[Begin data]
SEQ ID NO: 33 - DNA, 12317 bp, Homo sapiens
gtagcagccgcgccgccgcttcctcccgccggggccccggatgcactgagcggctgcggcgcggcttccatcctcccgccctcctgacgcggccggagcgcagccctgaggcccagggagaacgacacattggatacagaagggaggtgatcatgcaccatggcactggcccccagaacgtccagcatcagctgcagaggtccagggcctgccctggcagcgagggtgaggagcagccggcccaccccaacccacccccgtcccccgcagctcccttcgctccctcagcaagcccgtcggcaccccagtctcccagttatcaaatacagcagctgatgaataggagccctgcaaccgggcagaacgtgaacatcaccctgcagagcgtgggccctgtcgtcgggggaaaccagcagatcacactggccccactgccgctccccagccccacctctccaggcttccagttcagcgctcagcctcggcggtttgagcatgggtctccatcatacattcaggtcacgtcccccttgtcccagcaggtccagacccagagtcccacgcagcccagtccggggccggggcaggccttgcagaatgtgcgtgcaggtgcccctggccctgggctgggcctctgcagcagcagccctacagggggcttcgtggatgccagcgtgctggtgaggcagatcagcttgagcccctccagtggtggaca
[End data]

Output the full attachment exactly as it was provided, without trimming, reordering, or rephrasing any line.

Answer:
SEQ ID NO: 33 - DNA, 12317 bp, Homo sapiens
gtagcagccgcgccgccgcttcctcccgccggggccccggatgcactgagcggctgcggcgcggcttccatcctcccgccctcctgacgcggccggagcgcagccctgaggcccagggagaacgacacattggatacagaagggaggtgatcatgcaccatggcactggcccccagaacgtccagcatcagctgcagaggtccagggcctgccctggcagcgagggtgaggagcagccggcccaccccaacccacccccgtcccccgcagctcccttcgctccctcagcaagcccgtcggcaccccagtctcccagttatcaaatacagcagctgatgaataggagccctgcaaccgggcagaacgtgaacatcaccctgcagagcgtgggccctgtcgtcgggggaaaccagcagatcacactggccccactgccgctccccagccccacctctccaggcttccagttcagcgctcagcctcggcggtttgagcatgggtctccatcatacattcaggtcacgtcccccttgtcccagcaggtccagacccagagtcccacgcagcccagtccggggccggggcaggccttgcagaatgtgcgtgcaggtgcccctggccctgggctgggcctctgcagcagcagccctacagggggcttcgtggatgccagcgtgctggtgaggcagatcagcttgagcccctccagtggtggaca